Summary

Conflict Period:
Civil War (Union) 1
Branch:
Army 1
Rank:
Major 1
Birth:
01 Jul 1837 1
Albany NY 1
Death:
August 14, 1911 , 1
Hildesheim Lower Saxony, Germany 1
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Personal Details

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Full Name:
Henry Reed Rathbone 1
Birth:
01 Jul 1837 1
Albany NY 1
Death:
August 14, 1911 , 1
Hildesheim Lower Saxony, Germany 1
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Civil War (Union) 1

Branch:
Army 1
Rank:
Major 1

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Stories

This was new to me: the night Abraham Lincoln was shot, there was actually another couple in the private box with the Lincolns at Ford’s Theatre, and it turns out that their story is even more gruesome than the Lincons’ story. In fact, it seems that anyone who was in that box that night met bizarre or early death. On the occasion of the death of Major Henry Rathbone, the last survivor from the box, the Sunday Magazine reviewed the events of that day, and the fates of all who were there.

On April 14, 1865, there were four people seated in the box at the theatre. “The President sat in the corner nearest the audience, Mrs. Lincoln next to him; Miss Clara Harris sat near Mrs. Lincoln, and behind her young Major Rathbone.” The latter two were step-siblings who had fallen in love. “The President and Mrs. Lincoln had a warm liking for the pair, and had invited them to share the box.”

After the play began, John Wilkes Booth entered from the ante-room adjoining the box and fired his shot into the President’s head. Rathbone lunged at him, but Booth slipped away, shouted “The South is avenged!” (according to this article, but “Sic semper tyrannus!” according to most sources) and jumped over the box. An actress on stage named Laura Keene urged everyone to remain calm. Clara Harris, “from the box, called to her to bring water. She ran and got some and flew up the stairs to the box.” And now there were five people in the box: the President, his wife, the young couple in love, and Laura Keene.

Here were five people shut up together with the crime. The curse was upon them all. Not one of them — and they all had fame, wealth, happiness, and love apparently within their grasp — failed to come to a tragic or untimely end.

All the world knows that Lincoln died early the next morning, without having regained consciousness. His wife was for a long time prostrated. For several weeks she was confined to her bed. Then she bestirred herself so far as to go over the personal effects of her husband, giving mementos to his closest friends. When this duty was done she returned to Illinois to spend the rest of her days in melancholy.

Not much has been told of Mrs Lincoln’s after life — there was not much, for that matter, to tell. No wife could ever have really recovered from the shock of such a tragedy, and Mrs. Lincoln rallied even more slowly than was hoped. She never came out altogether from the cloud, and as her years increased her melancholy grew. She had a horror of meeting people, yet in her disordered brain the idea remained that there were imperative social duties that must be attented to. She would order gowns and concern herself wearily with preparations for some phantom function. Then the gowns would be sent away, unworn, and she would brood until again she felt that she must attend to her duties, and the same dreary business would begin again. Thus she ended her days, blighted from the moment that Booth stood a few feet behind her chair and took his aim.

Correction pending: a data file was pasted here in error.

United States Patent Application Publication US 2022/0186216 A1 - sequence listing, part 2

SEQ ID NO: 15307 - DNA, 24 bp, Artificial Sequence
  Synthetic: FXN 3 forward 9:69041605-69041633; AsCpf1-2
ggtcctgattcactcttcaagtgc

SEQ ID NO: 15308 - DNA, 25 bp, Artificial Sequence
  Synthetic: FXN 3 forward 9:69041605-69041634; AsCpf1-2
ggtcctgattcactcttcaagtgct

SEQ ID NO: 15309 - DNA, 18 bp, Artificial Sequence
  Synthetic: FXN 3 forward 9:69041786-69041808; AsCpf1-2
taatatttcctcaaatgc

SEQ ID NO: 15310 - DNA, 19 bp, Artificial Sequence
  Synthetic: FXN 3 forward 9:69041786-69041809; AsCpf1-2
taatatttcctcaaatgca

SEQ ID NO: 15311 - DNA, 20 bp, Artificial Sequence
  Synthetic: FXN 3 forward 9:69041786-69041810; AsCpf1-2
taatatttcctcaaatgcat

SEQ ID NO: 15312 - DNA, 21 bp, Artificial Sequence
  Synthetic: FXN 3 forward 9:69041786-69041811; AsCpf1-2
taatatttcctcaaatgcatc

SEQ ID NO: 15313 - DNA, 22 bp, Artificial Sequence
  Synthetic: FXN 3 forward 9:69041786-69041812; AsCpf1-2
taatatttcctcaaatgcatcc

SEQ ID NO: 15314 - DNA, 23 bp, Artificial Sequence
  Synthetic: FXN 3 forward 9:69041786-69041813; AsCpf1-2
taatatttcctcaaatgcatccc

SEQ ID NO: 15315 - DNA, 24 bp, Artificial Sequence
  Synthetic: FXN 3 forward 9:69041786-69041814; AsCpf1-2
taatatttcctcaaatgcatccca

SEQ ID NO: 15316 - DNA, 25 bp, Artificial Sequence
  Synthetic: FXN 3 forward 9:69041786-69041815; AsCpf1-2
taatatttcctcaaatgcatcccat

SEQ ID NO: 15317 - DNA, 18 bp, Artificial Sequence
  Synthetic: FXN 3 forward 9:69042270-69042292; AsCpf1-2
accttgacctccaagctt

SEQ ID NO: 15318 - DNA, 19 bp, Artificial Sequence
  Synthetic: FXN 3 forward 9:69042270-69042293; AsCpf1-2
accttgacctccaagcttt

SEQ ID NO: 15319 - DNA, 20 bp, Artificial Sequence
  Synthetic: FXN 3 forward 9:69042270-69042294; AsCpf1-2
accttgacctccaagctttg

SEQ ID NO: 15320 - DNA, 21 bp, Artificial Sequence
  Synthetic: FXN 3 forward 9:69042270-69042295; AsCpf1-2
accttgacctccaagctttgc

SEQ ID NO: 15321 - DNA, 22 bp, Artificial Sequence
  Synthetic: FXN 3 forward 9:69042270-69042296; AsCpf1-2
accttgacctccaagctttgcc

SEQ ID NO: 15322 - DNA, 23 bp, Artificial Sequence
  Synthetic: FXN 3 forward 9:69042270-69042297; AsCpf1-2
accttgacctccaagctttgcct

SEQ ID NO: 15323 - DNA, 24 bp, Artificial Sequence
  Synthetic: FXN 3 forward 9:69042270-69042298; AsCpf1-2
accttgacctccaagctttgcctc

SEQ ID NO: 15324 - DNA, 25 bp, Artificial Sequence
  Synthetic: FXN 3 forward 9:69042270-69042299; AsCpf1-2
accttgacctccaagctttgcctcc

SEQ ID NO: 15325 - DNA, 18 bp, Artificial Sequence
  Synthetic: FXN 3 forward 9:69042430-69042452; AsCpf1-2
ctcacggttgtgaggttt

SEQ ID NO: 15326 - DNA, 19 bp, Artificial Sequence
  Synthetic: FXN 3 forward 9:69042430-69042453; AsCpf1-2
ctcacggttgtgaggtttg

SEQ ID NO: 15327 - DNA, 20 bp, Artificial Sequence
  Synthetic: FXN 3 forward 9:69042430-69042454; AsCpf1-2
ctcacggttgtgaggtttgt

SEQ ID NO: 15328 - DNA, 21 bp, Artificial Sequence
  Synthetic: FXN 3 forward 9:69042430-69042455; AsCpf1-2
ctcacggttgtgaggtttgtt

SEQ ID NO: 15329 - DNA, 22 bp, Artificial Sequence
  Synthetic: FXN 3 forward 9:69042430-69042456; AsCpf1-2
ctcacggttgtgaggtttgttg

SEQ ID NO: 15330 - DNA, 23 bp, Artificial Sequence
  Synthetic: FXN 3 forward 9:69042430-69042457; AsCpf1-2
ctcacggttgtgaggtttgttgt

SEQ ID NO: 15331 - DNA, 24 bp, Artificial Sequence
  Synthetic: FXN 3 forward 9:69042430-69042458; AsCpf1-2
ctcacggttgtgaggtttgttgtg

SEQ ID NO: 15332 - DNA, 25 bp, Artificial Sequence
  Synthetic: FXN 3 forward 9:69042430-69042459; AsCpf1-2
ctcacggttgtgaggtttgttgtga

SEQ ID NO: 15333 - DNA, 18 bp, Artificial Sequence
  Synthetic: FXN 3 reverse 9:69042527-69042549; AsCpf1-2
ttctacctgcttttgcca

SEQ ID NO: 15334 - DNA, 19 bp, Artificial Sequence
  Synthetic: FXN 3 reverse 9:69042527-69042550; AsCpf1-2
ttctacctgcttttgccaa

Mrs. Lincoln lived until she was 63, but towards the end of her life she was suicidal and delusional. After one suicide attempt, her son Robert had her institutionalized. See Wikipedia for more details. But first read on for the fates of the others in the box. It gets worse.

Miss Keene was a woman of stern stuff, “as fitted,” said one who knew her “to act a part in tragedy off the stage as on.” Self control was natural to her. Alone of all the people in the theatre she had known what to do and had done it. But strong natures do not fail to suffer from such repression.

Her daughter was at school near Washington, and the next day hastened to her mother. “As I spoke to her,” says the girl, “she trembled from head to foot. She could not speak. To hearten her I said, ‘Mother, where is your old-time courage?’ But it was no use.” Laura Keene had received her death blow, too. She lived, it is true, for several years and worked hard and successfully, as she always did, but the nerve had gone. She could no longer stand the strain that she had once borne bravely and, worn out, she died at the age of forty-four, at the height of her career, another victim of Wilkes Booth. [She died of tuberculosis.]

The two lovers, Miss Harris and Major Rathbone, left the theatre and made their way through the frenzied crowd on the streets broken with grief and shock. But they had each other, they had wealth and position and all the good things of life. They never thought as they turned from the place of crime and death that over them hung a fate more awful than they had seen befall him they held the best of men…

Major Rathbone was appointed Consul in Germany and the pair lived as happily as had been prophesied. But the husband added to his devotion to his wife a great and perfectly unreasonable jealousy. As time went on he developed fits of temper, enough to make their friends class him as “peculiar.” Perhaps they added: “And it seems to grow on him,” but none were prepared for the tragedy that followed. One day the news came from Germany that Mr. Rathbone had killed his wife and committed suicide. Nobody believed it. It was some other person or name; everybody knew the devotion of the Rathbones. Then official documents came, and there was no longer any doubt. Henry Rathbone had indeed murdered his wife, but thought he was thought to be dying from his own wound he was not yet dead. The letter added that Mrs. Rathbone’s sister and the children had “escaped.”